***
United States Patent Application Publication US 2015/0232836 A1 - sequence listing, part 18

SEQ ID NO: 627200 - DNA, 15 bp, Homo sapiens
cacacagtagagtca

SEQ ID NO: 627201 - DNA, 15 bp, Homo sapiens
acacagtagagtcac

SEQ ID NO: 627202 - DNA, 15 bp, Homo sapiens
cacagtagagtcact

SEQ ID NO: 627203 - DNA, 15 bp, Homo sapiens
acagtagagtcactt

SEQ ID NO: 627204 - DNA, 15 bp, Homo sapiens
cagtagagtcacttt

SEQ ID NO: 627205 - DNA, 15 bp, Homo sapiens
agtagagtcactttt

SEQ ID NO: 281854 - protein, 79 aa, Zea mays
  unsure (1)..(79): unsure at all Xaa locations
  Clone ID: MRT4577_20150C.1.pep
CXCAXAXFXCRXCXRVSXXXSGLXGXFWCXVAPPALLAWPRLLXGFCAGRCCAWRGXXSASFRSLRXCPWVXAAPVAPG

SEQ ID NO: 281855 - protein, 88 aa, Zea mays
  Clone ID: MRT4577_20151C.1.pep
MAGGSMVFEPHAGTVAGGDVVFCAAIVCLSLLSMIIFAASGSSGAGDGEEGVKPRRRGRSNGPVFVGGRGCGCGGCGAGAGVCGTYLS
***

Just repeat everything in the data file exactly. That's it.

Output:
United States Patent Application Publication US 2015/0232836 A1 - sequence listing, part 18

SEQ ID NO: 627200 - DNA, 15 bp, Homo sapiens
cacacagtagagtca

SEQ ID NO: 627201 - DNA, 15 bp, Homo sapiens
acacagtagagtcac

SEQ ID NO: 627202 - DNA, 15 bp, Homo sapiens
cacagtagagtcact

SEQ ID NO: 627203 - DNA, 15 bp, Homo sapiens
acagtagagtcactt

SEQ ID NO: 627204 - DNA, 15 bp, Homo sapiens
cagtagagtcacttt

SEQ ID NO: 627205 - DNA, 15 bp, Homo sapiens
agtagagtcactttt

SEQ ID NO: 281854 - protein, 79 aa, Zea mays
  unsure (1)..(79): unsure at all Xaa locations
  Clone ID: MRT4577_20150C.1.pep
CXCAXAXFXCRXCXRVSXXXSGLXGXFWCXVAPPALLAWPRLLXGFCAGRCCAWRGXXSASFRSLRXCPWVXAAPVAPG

SEQ ID NO: 281855 - protein, 88 aa, Zea mays
  Clone ID: MRT4577_20151C.1.pep
MAGGSMVFEPHAGTVAGGDVVFCAAIVCLSLLSMIIFAASGSSGAGDGEEGVKPRRRGRSNGPVFVGGRGCGCGGCGAGAGVCGTYLS